The Mughals ruled India from late fifteenth to mid-nineteenth century. The Mughal emperors were the last in a line of Persian rulers to invade India and placed their mark on the art and architecture of the Indian Sub-continent.

Fan Kuan, Travelers by Streams and Mountains, hanging scroll, ink on silk, c. , x cm. (National Palace Museum, Taibei) Daoist mountain man, hermit, rustic, wine-lover—Fan Kuan has the reputation of having been truly unconventional. Travelers among Mountains and Streams, a large hanging scroll, is Fan Kuan's best known work and a seminal painting of the Northern Song school. It establishes an ideal in monumental landscape painting to which later painters were to return time and again for inspiration. To the right of the mule train, among the leaves, is the signature of Fan Kuan, a final touch by an artist to epitomize the insignificance of humans (including himself) compared to Nature. The signature was discovered by Li Lincan (李霖燦), a scholar at the National Palace Museum in Taipei, on August 5,

The Mughal dynasty is exemplified by its aesthetically minded rulers who were poets and romantic by nature. Under their rule, the style of art permeated from great cities to the tiniest jade pins used for their turbans. Their Islamic beliefs mean that nature was the underlying principle in their art each emperor found expression through the artists and craftsmen that they patronized.

The Mughal style highlights the remote, the unknown, the fantastic and the unattainable. The third Mughal emperor, Akbar, ruled from to and succeeded in extending control over most of Northern India. Akbar was obsessed with the Utopian idea of Muslims and Hindus living in familial accord and implemented many reforms to create a harmonious social landscape for both cultures.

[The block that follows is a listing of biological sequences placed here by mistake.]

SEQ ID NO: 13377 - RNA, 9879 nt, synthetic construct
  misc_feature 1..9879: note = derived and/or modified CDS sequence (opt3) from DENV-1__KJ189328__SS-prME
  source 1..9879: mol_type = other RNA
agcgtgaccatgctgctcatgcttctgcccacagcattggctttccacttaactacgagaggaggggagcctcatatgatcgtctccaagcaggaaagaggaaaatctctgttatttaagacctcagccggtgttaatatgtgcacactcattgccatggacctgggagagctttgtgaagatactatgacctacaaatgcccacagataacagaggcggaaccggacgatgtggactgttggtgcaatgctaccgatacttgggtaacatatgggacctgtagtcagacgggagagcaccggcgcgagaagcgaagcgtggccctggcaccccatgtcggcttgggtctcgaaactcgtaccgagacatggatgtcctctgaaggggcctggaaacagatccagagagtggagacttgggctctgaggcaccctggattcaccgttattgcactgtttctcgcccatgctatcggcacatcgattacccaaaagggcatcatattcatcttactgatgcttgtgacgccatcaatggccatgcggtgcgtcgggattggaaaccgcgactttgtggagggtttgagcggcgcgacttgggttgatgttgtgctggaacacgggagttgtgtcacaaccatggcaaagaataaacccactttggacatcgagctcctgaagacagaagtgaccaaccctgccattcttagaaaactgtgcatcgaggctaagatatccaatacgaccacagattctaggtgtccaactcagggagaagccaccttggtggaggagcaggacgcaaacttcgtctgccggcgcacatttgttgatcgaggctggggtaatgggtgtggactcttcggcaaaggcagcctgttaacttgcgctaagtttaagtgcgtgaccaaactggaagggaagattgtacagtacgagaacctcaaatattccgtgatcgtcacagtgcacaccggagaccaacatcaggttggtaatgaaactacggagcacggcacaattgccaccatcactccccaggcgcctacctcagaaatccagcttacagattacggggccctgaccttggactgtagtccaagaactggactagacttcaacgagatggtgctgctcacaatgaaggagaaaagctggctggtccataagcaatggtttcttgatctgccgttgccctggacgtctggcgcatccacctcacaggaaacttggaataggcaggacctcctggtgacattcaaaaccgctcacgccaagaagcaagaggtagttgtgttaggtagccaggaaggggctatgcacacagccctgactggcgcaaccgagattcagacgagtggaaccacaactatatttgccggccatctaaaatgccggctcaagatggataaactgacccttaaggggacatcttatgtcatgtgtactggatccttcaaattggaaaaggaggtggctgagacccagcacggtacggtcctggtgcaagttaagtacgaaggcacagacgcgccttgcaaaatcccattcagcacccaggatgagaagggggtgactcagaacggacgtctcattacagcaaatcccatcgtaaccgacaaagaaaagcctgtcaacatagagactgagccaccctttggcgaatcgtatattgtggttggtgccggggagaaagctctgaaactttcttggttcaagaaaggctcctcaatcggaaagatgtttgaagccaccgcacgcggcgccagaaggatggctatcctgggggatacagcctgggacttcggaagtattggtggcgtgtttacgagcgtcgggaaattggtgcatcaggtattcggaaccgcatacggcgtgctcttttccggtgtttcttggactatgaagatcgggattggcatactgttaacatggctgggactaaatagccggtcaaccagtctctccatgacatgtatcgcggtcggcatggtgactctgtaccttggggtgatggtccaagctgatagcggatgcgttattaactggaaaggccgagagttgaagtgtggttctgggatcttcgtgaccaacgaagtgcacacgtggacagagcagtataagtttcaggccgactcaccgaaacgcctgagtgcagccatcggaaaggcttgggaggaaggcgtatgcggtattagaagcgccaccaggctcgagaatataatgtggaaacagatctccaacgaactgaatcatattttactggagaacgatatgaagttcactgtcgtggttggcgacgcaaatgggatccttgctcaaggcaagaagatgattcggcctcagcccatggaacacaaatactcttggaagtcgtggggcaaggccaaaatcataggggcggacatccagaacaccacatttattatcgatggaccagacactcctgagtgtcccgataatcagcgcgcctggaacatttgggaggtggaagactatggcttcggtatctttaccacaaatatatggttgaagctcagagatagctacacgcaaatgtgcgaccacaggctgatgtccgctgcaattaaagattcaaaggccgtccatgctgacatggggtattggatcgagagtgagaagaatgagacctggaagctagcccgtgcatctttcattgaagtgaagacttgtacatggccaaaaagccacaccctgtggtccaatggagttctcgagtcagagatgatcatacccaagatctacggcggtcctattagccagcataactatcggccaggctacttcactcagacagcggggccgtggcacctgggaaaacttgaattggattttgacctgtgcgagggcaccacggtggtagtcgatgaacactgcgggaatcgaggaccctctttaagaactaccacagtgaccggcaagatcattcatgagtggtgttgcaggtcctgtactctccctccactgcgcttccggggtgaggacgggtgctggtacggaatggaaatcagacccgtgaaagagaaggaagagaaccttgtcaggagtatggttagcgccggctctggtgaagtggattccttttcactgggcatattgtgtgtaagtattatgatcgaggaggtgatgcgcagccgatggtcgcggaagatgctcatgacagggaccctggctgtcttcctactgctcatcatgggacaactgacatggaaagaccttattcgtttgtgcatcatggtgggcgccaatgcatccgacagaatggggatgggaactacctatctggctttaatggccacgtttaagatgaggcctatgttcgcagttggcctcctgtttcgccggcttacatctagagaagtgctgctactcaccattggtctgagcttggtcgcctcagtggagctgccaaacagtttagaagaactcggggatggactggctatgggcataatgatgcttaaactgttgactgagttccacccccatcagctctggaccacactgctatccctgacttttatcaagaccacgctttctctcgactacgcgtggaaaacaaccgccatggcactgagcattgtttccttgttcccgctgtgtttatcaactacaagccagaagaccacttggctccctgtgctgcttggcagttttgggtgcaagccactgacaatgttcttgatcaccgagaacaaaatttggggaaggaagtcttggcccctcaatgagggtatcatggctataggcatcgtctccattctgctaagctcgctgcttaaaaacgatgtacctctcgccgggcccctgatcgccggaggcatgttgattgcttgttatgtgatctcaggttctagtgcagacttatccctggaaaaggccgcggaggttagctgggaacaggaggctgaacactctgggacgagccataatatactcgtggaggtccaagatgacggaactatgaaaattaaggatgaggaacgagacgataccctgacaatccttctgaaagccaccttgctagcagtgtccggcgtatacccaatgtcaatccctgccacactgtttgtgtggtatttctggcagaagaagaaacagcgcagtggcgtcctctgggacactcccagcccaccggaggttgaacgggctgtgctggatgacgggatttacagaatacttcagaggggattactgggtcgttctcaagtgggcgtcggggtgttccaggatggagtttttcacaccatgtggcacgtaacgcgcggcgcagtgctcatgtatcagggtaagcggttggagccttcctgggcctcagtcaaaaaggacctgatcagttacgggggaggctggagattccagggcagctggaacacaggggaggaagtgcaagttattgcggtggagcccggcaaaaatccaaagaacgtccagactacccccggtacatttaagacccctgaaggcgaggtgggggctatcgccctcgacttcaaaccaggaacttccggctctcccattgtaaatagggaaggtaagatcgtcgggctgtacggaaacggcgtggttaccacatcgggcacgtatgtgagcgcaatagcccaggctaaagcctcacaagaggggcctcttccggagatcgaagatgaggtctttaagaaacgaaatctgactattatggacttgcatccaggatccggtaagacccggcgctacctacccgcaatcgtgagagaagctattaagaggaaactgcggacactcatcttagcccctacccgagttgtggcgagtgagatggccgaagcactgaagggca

He even married a Hindu Rajput princess in a dynastic marriage to gain the support of the powerful Rajputan warriors in his quest for unification of India. His time is considered the golden age of the Mughal Empire.

Akbars court was a cosmopolitan one with representatives from different countries and religions present alongside poets, philosophers, musicians, artists and merchants.

Akbar was an important patron of the arts his legacy continues to this day because of his support of artists provided a visual narrative of his time.

As a child, Akbar had worked with Persian artists and learnt the delicacies of linear graces and harmonious restraint. However, due to the dynamic and often turbulent nature of his rule, the art from Akbars court reflects a more energetic narrative.

Hamza-nama is an excellent example of the style of art prevalent in Akbars court. It is the largest and most extraordinary Mughal manuscript of all time and illustrates the adventures of Amir Hamza, an uncle of the Prophet Muhammad.Unit VI: Fan Kuan, Travelers among Mountains and Streams Caption Narration 1 Travelers among Mountains and Streams, by Fan feelthefish.comrn Song dynasty, early 11th century.

Hanging scroll with ink and colors on silk, height 6'9 1/2" ( m). Fan Kuan, Travelers by Streams and Mountains, ink on silk hanging scroll, c. , x cm. (National Palace Museum, Taibei) Daoist mountain man, hermit, rustic, wine-lover—Fan Kuan has the reputation of having been truly unconventional.

TRAVELLERS AMONG MOUNTAINS AND STREAMS Name Art Pre-History to December 1st Name Art November 16, While very little is known about one of China’s most accomplished artists, Fan. Home» Chinese Painting» Famous Chinese Painters» Fan Kuan» Fan Kuan: Travelers among Mountains and Streams. Travelers among Mountains and Streams (谿山行旅圖) Fan Kuan (active 10th–early 11th century), Song Dynasty (–) Hanging scroll, ink and light color on silk, x cm, National Palace Museum, Taipei.

On fan kuans travelers among mountains

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Neo-Confucianism & Fan Kuan, Travelers by Streams and Mountains (article) | Khan Academy

Create. Log in Sign up. Log in Sign up. 38 terms. Travelers among Mountains and Streams. Fan Kuan. c. C.E. Ink and colors on silk. (nature > . Southern Song Dynasty, Fan Kuan ''Travelers Among Mountains and Streams'' Fan Kuan (10th century) was a native of Hua-yuan (modern Yao-hsien) in Shensi province.

Fan Kuan - Wikipedia